Something interesting has happened over the last few weeks, quietly and almost without much focus has heralded an exciting possibility – p5+1 Nations of the world (Un Security Council’s five permanent members along with Germany) will possibly have half of its representatives as women provided Ms. Hillary Clinton wins the presidential race in the USA (Ms. Theresa May has taken over as Prime Minster of UK and Ms. Angela Merkel is Chancellor of Germany).
Many studies show a direct relationship between women’s decision-making power with regard to peace and conflict. That apart will this change also prove to be a catalyst to bring more women into active politics or for any of us, yes you, me, our neighbor and most readers here of this blog: women at work breaking the glass ceiling now to usher in a more gender equal world and reducing the gender gap? I analyze this below and because this is a complex question, there won’t be a straight forward answer
In India, we continue to ponder over 33% reservation for women in Lok Sabha on one hand while on the other women chief ministers rule powerful states and get reelected with thumping majorities to reaffirm their strong support in their states as they fortify their cult status. I bet if I was to ask the names of 5 women chief ministers serving currently, you would be able to name them in a jiffy. Well they are- Anandiben Patel (Gujarat), J Jayalalithaa (Tamil Nadu), Mamata Banerjee (West Bengal), Mehbooba Mufti (J&K), Vasundhara Raje (Rajasthan)
Many studies show a direct relationship between women’s decision-making power with regard to peace and conflict.
Hence, it’s fair to think that women cadres in the party must feel safer and more empowered with a woman leading the charge and hence must mean that the situation on the ground will change and we will see the emergence of more women leaders just like some of these aforementioned ladies.
South Asia has produced many women leaders who have gone onto become presidents and prime ministers of note and contributed significantly. India has Indira Gandhi, Srilanka has Chandrika Kumaratunga, Bangladesh has Sheikh Hasina and Pakistan has Benazir Bhutto. But the impact of their leadership on a change for/of/by women is debatable because South Asian countries still rank the lowest on most indicators like gender parity, health, literacy and human development. Hence just having women at the helm may not necessarily bring about effective change on the ground that will make centuries of patriarchy and mindsets disappear but maybe this will make women leadership become more acceptable in traditional cultures and help break new ground with women inspiring for similar positions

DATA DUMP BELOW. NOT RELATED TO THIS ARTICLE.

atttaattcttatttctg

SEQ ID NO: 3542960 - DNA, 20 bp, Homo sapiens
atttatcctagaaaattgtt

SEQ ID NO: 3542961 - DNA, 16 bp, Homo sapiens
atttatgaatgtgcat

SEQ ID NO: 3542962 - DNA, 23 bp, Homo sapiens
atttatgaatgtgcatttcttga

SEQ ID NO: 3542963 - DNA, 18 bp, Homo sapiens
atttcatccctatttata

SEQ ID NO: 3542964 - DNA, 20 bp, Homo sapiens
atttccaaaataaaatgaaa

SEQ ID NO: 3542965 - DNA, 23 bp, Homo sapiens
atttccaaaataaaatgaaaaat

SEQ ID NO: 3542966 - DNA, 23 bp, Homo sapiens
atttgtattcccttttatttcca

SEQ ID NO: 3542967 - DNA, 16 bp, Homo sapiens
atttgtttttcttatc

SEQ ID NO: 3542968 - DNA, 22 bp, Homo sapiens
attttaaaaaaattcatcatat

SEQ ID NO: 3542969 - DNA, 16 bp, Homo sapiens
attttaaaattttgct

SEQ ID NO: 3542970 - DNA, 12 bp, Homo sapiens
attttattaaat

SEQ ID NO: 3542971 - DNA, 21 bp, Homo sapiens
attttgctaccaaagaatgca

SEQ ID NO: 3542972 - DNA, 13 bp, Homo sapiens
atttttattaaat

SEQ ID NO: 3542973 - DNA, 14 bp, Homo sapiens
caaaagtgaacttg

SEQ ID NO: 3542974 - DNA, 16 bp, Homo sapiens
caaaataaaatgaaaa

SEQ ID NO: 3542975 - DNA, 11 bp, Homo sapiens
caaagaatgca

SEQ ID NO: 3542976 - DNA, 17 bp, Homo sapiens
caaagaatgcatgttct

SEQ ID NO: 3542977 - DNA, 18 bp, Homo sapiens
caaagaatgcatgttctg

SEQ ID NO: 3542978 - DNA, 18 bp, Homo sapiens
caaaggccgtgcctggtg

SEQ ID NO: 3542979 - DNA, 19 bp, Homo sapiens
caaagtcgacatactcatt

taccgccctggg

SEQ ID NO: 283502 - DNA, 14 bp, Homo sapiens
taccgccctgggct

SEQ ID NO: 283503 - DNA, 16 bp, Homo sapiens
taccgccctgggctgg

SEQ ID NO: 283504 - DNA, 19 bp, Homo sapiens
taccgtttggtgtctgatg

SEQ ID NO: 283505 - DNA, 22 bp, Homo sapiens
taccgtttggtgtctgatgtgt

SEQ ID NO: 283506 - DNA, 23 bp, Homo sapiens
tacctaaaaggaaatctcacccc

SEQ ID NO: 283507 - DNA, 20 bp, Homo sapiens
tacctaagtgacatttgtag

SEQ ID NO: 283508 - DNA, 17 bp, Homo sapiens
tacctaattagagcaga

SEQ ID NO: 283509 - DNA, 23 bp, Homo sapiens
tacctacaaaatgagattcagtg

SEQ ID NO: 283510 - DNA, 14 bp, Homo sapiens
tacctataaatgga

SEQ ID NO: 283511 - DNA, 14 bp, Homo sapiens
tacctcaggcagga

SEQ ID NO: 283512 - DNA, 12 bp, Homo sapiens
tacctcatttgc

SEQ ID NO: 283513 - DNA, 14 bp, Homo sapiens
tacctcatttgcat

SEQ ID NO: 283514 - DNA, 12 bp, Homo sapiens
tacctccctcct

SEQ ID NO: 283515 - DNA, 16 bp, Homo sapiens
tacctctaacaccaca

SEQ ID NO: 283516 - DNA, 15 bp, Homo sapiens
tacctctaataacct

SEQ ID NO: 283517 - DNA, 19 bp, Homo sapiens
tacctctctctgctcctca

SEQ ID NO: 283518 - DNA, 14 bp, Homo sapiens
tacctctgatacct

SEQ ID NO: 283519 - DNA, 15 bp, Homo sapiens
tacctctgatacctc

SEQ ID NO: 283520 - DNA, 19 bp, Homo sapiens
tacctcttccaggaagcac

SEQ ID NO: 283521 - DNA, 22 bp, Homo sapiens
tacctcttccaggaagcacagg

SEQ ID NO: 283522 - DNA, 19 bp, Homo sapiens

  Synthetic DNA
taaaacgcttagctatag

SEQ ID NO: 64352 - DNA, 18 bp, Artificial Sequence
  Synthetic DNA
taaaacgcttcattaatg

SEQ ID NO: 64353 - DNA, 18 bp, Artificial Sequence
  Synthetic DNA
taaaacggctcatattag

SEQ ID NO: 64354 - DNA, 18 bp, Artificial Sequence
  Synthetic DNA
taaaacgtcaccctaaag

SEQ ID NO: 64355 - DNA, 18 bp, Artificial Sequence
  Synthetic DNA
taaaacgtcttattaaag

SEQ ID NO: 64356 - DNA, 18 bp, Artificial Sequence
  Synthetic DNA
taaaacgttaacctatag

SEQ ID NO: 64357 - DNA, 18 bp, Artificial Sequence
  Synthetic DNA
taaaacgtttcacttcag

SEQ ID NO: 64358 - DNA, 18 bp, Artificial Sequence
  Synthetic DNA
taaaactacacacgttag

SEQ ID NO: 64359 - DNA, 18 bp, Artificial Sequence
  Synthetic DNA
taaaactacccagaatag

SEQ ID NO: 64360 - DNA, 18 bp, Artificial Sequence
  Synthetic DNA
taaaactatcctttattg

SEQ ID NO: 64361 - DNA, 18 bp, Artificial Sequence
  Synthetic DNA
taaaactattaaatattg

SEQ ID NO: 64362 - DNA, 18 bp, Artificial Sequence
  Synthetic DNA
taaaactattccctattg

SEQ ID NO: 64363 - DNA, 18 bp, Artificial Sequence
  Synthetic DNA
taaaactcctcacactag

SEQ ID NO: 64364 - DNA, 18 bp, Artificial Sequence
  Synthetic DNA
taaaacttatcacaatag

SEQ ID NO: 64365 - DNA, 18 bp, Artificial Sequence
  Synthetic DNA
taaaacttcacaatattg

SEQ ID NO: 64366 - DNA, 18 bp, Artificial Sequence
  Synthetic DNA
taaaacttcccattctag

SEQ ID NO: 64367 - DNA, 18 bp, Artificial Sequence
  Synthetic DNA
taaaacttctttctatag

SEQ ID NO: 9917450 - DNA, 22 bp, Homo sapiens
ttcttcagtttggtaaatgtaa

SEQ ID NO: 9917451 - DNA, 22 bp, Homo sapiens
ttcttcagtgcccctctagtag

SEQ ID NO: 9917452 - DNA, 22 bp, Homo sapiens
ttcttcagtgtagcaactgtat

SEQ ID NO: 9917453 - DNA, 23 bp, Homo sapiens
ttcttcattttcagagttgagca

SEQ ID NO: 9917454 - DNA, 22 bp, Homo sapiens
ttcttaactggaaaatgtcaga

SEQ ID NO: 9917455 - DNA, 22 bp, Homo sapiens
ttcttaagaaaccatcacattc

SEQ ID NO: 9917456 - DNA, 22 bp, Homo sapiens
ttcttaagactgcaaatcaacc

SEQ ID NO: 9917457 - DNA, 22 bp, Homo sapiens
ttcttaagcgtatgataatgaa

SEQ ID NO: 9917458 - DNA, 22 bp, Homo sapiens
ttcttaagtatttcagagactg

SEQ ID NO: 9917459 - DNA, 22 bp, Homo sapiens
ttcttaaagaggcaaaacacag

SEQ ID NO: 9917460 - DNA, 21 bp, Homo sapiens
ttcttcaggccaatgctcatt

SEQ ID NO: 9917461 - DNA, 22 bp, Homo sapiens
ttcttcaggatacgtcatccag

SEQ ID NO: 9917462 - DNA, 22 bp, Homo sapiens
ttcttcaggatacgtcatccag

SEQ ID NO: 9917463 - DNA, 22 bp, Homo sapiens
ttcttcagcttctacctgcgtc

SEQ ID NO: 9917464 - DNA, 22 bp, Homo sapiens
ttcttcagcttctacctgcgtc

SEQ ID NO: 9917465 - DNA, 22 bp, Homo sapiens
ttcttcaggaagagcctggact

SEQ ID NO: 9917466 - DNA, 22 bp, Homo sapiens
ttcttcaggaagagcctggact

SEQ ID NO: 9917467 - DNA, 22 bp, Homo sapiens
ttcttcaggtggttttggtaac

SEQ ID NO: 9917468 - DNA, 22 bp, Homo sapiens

A simplified answer to world hunger would be to produce more food. Similarly a simplified answer to the solution of empowering women could be to bring more women to power, one would assume but does that work? The simple answer is not simple and no magic wand can with one swish change gender dynamics in a world order that’s so deeply entrenched in what we wish to eradicate. Case in point: a Black president in USA has not stopped violence against the blacks in the most progressive and powerful country in the world.
The message for a every girl growing up now should be: Anything is possible and women can rule (50% of) the world(‘s most powerful countries) as they do today yes today but there is a lot that needs to change and she can be the torch bearer with aspirations so big and achievements even bigger that a new world order gets created with her contributions.
So what do you think ladies? I would love to hear from you -Post any feedback or question you have in the comment box below, or tweet to me @jasuja on Twitter.
About the author: Monica Jasuja is a Payments Ninja specializing in Digital Payments Initiatives to further India’s progress as a less cash dependent economy. She is a Product Strategist with work experience in 4 geographies globally and brings knowledge and firsthand experience of designing, developing products with the wow factor. This article expresses her personal views, and not those of any of her employers—past, present or future. Monica is available on Twitter: @jasuja